Archives for category: business

Being a supplier means that sometimes it is easy to make assumptions about the people and organisations we work for.

‘Organisation X have the same problems as all the others in that sector’

‘It was the usual thing when the brief came in’

‘They don’t need (what they’ve asked for), they need this thing’

And so on.

Sometimes we all need help to listen more carefully. To not make assumptions, or project our ideas or frustrations on the requests that others are making.

It’s also important for us to recognise what we need, and request it clearly – and politely – from others.

Generally we’re not that bad at this, as a team. But when work is stacking up, it’s easy to relieve the pressure by projecting our frustrations on to the requests we receive. There’s no such thing as a stupid question or a bad brief – we just haven’t yet identified the need behind it.

Frustrated face

A common source of frustration might be a request to close up white space on a web page. When we hear that, it’s easy to think ‘what do they know about design?’. In fact, the client may be under pressure to find space for competing priorities, or to satisfy a perception that less white space equals greater value for money.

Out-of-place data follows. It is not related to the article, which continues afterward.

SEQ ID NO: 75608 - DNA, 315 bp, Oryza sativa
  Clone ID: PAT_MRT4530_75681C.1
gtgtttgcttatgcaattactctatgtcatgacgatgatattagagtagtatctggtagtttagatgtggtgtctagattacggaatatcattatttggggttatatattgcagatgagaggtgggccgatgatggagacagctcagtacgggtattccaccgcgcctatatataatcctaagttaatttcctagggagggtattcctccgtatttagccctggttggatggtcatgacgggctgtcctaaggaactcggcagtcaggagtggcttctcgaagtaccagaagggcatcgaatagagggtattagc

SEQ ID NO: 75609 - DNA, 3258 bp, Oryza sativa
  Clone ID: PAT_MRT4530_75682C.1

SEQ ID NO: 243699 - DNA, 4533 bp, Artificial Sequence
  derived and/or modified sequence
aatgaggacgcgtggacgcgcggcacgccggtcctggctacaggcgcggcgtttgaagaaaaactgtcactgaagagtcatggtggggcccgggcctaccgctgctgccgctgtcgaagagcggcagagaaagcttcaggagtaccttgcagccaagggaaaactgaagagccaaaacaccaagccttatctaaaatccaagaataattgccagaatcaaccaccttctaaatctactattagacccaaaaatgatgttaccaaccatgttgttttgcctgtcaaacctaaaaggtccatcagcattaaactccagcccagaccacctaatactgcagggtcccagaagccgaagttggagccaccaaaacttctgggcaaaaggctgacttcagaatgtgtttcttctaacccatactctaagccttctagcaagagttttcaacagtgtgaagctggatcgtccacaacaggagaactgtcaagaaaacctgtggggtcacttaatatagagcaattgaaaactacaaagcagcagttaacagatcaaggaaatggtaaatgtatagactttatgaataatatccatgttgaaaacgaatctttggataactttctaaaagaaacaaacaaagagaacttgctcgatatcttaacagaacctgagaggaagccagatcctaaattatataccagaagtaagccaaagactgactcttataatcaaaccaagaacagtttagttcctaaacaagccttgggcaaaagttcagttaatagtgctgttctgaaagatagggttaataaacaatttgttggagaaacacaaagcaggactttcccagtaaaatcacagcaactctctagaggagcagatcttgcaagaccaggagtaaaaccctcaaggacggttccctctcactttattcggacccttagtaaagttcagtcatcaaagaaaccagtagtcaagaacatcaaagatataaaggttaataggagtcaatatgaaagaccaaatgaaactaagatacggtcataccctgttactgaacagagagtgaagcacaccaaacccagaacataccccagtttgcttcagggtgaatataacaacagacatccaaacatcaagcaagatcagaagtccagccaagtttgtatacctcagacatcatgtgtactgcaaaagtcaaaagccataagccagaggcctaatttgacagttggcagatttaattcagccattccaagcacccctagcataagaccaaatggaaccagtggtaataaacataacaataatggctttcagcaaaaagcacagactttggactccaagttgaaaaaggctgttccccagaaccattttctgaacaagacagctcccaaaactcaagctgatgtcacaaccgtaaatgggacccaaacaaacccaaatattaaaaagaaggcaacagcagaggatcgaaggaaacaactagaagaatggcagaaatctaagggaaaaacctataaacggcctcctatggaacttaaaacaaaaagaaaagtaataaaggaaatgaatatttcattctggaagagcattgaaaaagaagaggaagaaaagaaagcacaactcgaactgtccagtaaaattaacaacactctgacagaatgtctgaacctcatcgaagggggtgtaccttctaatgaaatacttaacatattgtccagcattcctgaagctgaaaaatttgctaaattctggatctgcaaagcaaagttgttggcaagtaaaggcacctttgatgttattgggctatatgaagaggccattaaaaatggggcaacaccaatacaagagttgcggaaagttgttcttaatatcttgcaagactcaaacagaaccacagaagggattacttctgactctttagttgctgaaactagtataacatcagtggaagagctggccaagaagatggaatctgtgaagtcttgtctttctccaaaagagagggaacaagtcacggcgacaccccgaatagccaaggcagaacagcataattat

Whatever the real need; pausing to consider, and listening attentively to find out the answer, is invaluable.

Easy enough to say this in a few lines on a blog, but more tricky to put in to practice every day.

For that, we’ve been working with Max St John and Wild Things – his alternative business school.

Max has run a workshop for the Helpful team and been visiting our office once a month, to help us apply a form of Non-Violent Communication, which he calls Collaborative Communication, to our work.

It’s early days, but I feel there has been a real difference in how our team copes under pressure. We’re not a consistently serene, happy and forgiving ship, and nor should we ever think we can be – Max is pretty clear on that. But the value in simply recognising when we are getting into a judgement cycle is brilliant. The atmosphere is lightened and we can all have a laugh – recognising that it is us who are wrong in the first instance, and working together to identify the real need behind clients’ requests.